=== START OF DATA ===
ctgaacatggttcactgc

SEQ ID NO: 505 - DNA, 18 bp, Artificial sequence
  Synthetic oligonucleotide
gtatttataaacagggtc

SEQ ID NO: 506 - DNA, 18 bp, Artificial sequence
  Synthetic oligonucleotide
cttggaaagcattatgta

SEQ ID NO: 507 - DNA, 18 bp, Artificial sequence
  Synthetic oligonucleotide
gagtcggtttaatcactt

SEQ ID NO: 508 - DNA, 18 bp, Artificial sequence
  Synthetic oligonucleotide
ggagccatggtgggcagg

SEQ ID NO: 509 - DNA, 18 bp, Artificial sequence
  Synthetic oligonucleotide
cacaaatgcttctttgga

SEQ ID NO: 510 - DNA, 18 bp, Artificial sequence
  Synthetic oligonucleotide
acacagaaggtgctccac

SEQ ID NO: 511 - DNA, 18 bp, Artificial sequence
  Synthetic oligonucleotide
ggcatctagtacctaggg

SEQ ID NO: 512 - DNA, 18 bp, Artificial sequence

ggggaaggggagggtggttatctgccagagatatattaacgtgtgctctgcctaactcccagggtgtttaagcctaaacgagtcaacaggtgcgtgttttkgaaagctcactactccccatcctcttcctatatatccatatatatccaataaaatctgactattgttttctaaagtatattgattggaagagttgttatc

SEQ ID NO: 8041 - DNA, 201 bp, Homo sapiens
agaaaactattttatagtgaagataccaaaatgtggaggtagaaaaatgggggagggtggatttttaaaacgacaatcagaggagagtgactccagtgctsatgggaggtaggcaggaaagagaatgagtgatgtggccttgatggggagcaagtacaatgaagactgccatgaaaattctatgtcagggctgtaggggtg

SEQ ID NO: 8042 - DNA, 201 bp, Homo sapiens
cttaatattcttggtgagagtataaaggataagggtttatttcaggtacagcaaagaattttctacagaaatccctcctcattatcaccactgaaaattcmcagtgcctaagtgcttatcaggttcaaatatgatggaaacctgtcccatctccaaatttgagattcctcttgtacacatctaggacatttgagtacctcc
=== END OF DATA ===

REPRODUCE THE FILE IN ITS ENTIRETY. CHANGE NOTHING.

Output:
ctgaacatggttcactgc

SEQ ID NO: 505 - DNA, 18 bp, Artificial sequence
  Synthetic oligonucleotide
gtatttataaacagggtc

SEQ ID NO: 506 - DNA, 18 bp, Artificial sequence
  Synthetic oligonucleotide
cttggaaagcattatgta

SEQ ID NO: 507 - DNA, 18 bp, Artificial sequence
  Synthetic oligonucleotide
gagtcggtttaatcactt

SEQ ID NO: 508 - DNA, 18 bp, Artificial sequence
  Synthetic oligonucleotide
ggagccatggtgggcagg

SEQ ID NO: 509 - DNA, 18 bp, Artificial sequence
  Synthetic oligonucleotide
cacaaatgcttctttgga

SEQ ID NO: 510 - DNA, 18 bp, Artificial sequence
  Synthetic oligonucleotide
acacagaaggtgctccac

SEQ ID NO: 511 - DNA, 18 bp, Artificial sequence
  Synthetic oligonucleotide
ggcatctagtacctaggg

SEQ ID NO: 512 - DNA, 18 bp, Artificial sequence

ggggaaggggagggtggttatctgccagagatatattaacgtgtgctctgcctaactcccagggtgtttaagcctaaacgagtcaacaggtgcgtgttttkgaaagctcactactccccatcctcttcctatatatccatatatatccaataaaatctgactattgttttctaaagtatattgattggaagagttgttatc

SEQ ID NO: 8041 - DNA, 201 bp, Homo sapiens
agaaaactattttatagtgaagataccaaaatgtggaggtagaaaaatgggggagggtggatttttaaaacgacaatcagaggagagtgactccagtgctsatgggaggtaggcaggaaagagaatgagtgatgtggccttgatggggagcaagtacaatgaagactgccatgaaaattctatgtcagggctgtaggggtg

SEQ ID NO: 8042 - DNA, 201 bp, Homo sapiens
cttaatattcttggtgagagtataaaggataagggtttatttcaggtacagcaaagaattttctacagaaatccctcctcattatcaccactgaaaattcmcagtgcctaagtgcttatcaggttcaaatatgatggaaacctgtcccatctccaaatttgagattcctcttgtacacatctaggacatttgagtacctcc